The curly cord is prehensile in itself. It can grab objects. Wound on the end of a smooth shaft it holds tight. Hooked over a console door lip it will hold. In embodiments where the standing end of the cord is connected to the object to be tied the prehensile working end allows the cord to suspend or fasten the connected object.
The curly cord binding tie is very versatile can be used in many other ways.
The tool shown in FIG. 9 for installing positioning coil 16b on a section of elongate member is easy to operate. To use this tool split tube 44 is first placed over elongate object 34. Positioning coil 16b is then slipped over pin 42. The end of positioning coil 16b is held together with elongate object 34. Rotating the tool on elongate object 34 causes positioning coil 16b to wind off pin 42 and onto elongate object 34. This method may be adapted for operation within a machine designed for the purpose. The split tube is open on one side from end to end. This is so it can be placed on an elongate object when it can not be threaded over the elongate object.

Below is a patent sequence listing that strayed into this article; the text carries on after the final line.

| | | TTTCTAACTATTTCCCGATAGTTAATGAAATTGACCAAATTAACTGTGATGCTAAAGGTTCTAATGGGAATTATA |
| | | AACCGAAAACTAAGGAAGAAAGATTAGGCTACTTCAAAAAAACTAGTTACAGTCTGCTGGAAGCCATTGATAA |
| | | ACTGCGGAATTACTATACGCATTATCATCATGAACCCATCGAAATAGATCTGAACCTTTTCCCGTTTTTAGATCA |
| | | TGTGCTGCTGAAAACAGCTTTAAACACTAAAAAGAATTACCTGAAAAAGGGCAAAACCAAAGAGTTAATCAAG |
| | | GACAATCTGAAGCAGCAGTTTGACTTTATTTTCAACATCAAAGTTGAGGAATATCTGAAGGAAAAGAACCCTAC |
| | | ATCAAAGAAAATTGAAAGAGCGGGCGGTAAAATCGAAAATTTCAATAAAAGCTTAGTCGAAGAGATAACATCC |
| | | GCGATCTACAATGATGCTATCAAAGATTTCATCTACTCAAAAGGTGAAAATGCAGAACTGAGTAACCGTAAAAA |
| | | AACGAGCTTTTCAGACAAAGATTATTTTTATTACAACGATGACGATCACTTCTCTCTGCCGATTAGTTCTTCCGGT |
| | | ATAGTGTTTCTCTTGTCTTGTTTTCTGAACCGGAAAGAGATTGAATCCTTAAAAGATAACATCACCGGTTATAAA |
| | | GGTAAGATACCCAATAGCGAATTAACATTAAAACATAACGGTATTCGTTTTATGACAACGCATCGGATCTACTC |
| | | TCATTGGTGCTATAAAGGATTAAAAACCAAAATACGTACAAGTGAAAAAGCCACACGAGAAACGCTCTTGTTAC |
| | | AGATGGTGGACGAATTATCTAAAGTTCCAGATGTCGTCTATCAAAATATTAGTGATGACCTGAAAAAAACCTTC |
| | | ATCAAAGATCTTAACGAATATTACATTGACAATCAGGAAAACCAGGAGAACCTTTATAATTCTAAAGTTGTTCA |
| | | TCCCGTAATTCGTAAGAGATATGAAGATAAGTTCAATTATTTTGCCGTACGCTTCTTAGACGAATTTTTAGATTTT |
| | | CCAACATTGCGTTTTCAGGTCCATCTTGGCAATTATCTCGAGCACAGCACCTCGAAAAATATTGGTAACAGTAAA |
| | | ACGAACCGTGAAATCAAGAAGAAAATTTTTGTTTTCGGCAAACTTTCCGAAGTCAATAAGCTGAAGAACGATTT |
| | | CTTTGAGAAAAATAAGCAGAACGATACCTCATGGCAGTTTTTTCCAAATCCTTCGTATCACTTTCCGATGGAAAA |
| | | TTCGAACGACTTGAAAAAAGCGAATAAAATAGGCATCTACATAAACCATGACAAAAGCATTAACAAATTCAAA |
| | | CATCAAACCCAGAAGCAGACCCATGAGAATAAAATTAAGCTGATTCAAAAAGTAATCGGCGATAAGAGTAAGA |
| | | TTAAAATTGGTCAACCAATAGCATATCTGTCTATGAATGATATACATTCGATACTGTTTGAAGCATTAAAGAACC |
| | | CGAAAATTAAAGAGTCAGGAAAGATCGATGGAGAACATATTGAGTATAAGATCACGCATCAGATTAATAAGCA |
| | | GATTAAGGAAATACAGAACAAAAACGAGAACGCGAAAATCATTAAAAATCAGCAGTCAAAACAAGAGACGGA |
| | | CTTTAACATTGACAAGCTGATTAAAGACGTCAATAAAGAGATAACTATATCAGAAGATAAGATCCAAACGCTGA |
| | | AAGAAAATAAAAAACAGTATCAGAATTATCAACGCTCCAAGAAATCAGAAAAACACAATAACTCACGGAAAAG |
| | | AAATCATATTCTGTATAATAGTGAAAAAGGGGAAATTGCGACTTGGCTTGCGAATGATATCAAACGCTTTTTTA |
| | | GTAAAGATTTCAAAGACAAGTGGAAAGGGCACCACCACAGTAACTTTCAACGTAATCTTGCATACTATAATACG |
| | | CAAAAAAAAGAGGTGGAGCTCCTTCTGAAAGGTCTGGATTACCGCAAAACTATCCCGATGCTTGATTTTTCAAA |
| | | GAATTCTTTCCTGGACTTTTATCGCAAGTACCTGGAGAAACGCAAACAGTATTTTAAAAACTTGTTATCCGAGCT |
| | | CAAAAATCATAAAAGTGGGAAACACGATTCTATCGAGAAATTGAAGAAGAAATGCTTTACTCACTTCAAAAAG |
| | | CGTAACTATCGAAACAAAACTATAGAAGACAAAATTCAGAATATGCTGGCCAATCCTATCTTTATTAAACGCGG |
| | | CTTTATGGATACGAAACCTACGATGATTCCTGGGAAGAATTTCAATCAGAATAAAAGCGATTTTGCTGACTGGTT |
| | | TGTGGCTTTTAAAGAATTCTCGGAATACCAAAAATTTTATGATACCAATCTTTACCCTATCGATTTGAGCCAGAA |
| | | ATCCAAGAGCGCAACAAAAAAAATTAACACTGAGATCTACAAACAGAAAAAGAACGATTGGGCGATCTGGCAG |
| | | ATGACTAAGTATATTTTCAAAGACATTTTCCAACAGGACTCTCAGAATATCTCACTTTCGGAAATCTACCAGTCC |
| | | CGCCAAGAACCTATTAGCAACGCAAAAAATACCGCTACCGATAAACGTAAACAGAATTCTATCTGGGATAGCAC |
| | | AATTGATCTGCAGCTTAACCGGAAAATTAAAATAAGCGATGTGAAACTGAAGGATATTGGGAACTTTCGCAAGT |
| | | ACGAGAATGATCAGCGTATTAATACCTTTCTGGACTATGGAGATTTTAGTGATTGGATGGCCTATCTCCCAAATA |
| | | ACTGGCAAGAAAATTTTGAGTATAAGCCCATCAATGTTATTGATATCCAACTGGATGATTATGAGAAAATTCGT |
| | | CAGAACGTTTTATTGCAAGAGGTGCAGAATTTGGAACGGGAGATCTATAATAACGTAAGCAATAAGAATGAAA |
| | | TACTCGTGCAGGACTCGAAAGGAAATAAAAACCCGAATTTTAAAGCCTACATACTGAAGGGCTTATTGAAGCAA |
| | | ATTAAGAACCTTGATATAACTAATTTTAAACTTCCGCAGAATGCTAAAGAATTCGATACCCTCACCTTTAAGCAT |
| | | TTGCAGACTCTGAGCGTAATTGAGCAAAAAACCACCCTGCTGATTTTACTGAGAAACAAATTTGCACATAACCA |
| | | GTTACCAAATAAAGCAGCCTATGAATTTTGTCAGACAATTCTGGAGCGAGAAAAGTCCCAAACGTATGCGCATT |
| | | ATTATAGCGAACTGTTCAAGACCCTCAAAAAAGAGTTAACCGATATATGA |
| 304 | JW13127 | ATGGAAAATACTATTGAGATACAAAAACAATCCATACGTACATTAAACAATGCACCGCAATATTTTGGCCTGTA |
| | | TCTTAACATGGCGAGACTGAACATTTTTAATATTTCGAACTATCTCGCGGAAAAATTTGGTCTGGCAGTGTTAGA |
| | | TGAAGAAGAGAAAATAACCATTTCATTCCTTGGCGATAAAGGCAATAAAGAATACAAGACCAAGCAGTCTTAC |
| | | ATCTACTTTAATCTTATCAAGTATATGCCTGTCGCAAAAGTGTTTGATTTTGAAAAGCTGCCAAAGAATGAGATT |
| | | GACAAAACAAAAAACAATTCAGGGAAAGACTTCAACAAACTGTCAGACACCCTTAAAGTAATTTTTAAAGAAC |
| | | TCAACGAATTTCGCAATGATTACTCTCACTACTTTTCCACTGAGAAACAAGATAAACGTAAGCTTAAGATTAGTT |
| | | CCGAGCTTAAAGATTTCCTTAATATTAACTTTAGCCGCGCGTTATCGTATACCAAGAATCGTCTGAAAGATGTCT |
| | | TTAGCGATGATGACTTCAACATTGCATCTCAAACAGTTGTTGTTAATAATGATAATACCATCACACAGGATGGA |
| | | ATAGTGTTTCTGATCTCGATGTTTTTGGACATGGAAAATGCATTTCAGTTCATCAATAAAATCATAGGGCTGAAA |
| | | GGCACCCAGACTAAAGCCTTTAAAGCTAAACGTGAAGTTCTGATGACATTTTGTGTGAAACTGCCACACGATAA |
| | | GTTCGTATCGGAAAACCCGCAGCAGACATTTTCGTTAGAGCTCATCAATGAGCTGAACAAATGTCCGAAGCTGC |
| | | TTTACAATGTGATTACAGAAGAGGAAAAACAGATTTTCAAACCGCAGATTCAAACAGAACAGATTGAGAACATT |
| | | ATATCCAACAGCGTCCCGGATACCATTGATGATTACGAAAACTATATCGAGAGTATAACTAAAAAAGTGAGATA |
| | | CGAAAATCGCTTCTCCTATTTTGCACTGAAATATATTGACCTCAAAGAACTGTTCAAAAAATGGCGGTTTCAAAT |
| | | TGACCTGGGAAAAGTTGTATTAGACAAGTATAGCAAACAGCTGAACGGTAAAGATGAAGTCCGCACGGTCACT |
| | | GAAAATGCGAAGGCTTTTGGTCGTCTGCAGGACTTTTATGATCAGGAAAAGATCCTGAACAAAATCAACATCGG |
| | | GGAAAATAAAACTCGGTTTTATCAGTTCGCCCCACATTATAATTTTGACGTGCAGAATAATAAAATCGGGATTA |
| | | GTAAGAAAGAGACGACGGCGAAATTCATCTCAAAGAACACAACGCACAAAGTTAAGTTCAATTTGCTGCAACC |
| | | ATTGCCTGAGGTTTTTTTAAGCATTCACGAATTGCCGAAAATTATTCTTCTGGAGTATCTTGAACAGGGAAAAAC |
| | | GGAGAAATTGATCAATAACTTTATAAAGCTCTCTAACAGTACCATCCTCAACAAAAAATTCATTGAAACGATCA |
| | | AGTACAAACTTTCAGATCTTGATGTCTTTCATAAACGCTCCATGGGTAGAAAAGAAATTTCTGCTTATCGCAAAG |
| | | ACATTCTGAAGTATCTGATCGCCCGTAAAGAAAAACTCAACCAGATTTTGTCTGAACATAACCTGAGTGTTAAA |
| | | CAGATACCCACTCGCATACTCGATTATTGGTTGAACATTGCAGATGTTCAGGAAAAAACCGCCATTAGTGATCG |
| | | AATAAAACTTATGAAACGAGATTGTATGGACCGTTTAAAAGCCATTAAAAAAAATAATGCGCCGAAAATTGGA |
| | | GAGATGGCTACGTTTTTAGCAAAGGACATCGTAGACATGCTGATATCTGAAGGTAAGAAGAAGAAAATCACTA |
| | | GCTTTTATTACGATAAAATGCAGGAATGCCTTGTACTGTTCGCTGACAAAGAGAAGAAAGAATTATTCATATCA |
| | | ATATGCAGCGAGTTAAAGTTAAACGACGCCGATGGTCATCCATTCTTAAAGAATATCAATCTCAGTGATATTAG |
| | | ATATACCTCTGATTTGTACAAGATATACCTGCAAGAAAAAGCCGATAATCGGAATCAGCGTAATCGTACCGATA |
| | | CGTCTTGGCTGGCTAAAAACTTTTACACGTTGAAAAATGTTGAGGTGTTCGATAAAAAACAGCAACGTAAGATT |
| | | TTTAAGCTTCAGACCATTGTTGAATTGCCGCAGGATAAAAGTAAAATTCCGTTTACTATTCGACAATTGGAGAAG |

I don't know the scientific reason why cord 10 does what it does in the operation of the curly cord automatic binding tie. Whatever the reason it behaves as it does it is extraordinarily well adapted to the purpose.
The interaction between cord 10, and chain 12 is fundamental to the automatic operation of the curly cord binding tie. As cord 10 is stretched straight the twist in it, resulting from its coiled shape, makes it try to turn. Chain 12 allows the twist in cord 10 to unwind nearly fully and with case. Chain 12 also allows cord 10 to turn freely in the opposite direction as it recoils while being wound around the object being tied.